The downing of Malaysia Airlines flight 17 (MH17) above eastern Ukraine in 2014 was a catalytic event. Moscow’s invasion and annexation of Crimea and its covert war in the Donbas produced a weak reaction from Europe. In the aftermath of MH17, the Kremlin’s involvement was much harder to ignore. Early evidence indicating Kremlin involvement in shooting down the civilian airliner helped push the European Union to levy severe sanctions on Russia in the summer of 2014. After six years of investigation, Dutch authorities have begun prosecuting those suspected of involvement in the Netherlands. Their comprehensive and deliberate investigation and trial seeks to indict those responsible and hold them to account, and the Dutch government recently announced it is taking Russia to the European Court of Human Rights.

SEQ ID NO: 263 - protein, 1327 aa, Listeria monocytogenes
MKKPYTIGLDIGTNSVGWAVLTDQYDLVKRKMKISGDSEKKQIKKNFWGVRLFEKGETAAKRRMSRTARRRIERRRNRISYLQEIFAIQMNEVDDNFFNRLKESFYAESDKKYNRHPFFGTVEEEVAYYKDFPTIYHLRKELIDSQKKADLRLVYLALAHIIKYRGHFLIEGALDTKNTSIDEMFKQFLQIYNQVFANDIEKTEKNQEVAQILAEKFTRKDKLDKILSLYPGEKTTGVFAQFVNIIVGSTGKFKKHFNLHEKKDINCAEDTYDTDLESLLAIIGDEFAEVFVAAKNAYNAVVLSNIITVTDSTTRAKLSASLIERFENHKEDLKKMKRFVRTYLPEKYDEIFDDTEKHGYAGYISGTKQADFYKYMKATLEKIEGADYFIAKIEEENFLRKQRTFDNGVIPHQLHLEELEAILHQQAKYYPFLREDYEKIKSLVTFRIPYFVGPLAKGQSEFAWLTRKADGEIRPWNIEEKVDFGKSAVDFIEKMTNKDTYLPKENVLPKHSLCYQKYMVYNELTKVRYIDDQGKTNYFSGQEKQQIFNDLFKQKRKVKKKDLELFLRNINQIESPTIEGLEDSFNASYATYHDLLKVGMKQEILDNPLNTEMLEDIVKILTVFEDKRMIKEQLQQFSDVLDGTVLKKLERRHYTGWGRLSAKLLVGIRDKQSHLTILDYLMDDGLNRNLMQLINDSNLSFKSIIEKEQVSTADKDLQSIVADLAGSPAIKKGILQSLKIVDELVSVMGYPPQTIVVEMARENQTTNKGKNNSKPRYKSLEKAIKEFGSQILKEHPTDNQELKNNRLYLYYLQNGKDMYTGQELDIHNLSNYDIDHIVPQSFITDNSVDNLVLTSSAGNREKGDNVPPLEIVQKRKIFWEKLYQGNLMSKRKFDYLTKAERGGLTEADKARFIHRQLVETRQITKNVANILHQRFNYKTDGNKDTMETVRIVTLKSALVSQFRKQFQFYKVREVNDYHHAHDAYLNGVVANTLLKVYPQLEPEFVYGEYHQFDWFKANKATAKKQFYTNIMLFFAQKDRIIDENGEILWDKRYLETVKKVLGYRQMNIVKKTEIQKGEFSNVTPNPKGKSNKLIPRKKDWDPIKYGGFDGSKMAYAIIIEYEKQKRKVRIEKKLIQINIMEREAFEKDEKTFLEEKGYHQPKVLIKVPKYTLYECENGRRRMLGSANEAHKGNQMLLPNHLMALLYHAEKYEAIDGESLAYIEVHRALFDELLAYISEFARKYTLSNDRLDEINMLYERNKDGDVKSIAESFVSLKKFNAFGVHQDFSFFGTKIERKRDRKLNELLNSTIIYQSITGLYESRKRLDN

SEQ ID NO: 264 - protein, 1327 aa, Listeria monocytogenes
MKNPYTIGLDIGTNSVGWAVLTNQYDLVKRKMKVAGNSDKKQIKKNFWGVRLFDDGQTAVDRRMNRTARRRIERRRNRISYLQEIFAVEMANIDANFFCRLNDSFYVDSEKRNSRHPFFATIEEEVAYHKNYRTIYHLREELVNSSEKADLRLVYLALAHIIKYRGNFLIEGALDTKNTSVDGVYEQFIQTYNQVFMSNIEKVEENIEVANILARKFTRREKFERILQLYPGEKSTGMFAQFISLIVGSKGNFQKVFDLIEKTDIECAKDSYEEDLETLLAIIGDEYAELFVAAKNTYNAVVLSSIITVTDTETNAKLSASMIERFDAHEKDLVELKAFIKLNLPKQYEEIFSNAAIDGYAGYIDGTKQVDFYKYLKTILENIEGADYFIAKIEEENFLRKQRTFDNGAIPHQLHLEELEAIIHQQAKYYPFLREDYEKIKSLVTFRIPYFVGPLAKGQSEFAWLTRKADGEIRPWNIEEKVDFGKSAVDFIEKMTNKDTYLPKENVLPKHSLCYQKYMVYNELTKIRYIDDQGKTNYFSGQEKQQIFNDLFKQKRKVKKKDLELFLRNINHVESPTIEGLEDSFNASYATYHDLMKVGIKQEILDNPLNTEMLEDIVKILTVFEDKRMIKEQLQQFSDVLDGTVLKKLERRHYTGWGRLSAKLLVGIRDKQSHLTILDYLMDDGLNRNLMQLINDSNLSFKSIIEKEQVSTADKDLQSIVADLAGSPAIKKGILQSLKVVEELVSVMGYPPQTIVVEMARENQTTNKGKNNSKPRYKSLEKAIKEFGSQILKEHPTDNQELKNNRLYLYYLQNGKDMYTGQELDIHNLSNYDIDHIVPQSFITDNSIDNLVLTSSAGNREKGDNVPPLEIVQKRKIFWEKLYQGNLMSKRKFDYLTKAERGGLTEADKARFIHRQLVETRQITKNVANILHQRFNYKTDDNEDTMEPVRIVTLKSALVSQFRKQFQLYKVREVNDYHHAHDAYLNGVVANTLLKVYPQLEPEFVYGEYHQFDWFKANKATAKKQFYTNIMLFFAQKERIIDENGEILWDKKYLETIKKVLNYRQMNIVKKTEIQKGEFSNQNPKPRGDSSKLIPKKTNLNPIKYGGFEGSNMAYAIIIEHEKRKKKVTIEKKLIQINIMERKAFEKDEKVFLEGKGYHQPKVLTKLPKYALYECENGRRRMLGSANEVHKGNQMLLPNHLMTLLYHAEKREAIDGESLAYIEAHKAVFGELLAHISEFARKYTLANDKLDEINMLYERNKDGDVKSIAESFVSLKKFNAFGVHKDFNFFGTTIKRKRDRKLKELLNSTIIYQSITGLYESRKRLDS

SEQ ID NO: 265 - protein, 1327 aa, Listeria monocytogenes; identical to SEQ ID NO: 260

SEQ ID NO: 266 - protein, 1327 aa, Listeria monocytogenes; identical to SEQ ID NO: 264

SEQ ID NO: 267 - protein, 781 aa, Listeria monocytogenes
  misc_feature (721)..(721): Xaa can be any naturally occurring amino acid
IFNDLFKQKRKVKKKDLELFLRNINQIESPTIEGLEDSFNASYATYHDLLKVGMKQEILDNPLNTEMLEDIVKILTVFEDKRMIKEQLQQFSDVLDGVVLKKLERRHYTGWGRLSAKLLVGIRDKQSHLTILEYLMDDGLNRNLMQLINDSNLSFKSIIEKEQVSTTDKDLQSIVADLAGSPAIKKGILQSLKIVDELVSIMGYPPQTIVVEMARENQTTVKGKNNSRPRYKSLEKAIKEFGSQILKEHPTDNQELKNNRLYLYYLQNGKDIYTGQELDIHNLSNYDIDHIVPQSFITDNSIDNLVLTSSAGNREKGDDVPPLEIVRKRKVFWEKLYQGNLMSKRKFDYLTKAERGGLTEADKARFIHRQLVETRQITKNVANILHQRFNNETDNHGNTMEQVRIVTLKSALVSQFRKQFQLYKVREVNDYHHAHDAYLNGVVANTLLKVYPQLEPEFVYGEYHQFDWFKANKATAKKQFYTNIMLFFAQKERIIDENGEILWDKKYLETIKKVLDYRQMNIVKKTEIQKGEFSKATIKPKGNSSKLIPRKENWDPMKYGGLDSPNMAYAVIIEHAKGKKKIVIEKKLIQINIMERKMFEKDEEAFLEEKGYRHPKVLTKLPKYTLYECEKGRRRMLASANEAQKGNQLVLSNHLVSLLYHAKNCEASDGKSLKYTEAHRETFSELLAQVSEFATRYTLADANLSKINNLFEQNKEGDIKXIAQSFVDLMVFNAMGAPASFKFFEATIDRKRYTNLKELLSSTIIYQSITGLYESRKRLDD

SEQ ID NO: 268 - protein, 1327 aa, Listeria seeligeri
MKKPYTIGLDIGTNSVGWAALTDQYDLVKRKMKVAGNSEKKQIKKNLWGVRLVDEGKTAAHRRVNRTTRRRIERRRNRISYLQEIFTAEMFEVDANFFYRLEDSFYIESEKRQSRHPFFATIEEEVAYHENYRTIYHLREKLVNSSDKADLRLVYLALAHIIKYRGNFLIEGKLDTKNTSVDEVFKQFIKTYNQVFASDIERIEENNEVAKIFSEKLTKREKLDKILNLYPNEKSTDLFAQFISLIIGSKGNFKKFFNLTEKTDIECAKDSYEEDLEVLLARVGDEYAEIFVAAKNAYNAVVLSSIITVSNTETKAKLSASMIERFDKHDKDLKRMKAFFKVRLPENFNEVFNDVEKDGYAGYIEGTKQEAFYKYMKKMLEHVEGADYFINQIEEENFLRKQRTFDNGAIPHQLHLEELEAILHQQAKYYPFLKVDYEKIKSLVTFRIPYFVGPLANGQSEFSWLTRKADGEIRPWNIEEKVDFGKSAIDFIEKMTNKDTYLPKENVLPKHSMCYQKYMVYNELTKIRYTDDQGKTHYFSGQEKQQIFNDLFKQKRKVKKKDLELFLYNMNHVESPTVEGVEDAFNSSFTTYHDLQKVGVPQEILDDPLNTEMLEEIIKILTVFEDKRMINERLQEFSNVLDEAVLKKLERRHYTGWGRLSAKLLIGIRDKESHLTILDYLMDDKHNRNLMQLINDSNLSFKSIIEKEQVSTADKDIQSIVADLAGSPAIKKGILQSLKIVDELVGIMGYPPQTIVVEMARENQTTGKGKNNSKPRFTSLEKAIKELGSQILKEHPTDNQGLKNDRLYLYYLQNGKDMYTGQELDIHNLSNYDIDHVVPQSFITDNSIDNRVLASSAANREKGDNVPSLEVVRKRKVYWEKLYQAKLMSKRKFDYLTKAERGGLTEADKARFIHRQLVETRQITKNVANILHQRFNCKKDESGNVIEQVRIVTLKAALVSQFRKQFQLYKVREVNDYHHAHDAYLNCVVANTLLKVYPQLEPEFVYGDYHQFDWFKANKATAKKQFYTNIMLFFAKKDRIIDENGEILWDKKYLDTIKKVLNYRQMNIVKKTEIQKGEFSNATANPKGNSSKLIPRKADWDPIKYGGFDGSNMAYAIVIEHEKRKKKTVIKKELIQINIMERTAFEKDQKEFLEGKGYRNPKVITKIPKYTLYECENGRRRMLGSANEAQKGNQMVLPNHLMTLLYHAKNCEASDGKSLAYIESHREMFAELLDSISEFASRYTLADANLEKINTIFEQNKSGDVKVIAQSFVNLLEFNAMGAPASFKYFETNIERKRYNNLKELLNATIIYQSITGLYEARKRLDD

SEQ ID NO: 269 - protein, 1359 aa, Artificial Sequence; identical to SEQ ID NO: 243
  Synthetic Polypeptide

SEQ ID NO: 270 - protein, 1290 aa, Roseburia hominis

On the occasion of the sixth anniversary, Christo Grozev, lead Russia investigator with Bellingcat, Olena Zerkal, advisor to the CEO of Naftogaz, and Michael Bociurkiw, an independent global affairs analyst, writer, and speaker, join moderator Ambassador John Herbst, director of the Atlantic Council’s Eurasia Center. They evaluate the trial and where matters currently stand, assess how the Kremlin has been held accountable thus far, and discuss what political implications lie ahead.

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The Eurasia Center’s mission is to enhance transatlantic cooperation in promoting stability, democratic values and prosperity in Eurasia, from Eastern Europe and Turkey in the West to the Caucasus, Russia and Central Asia in the East.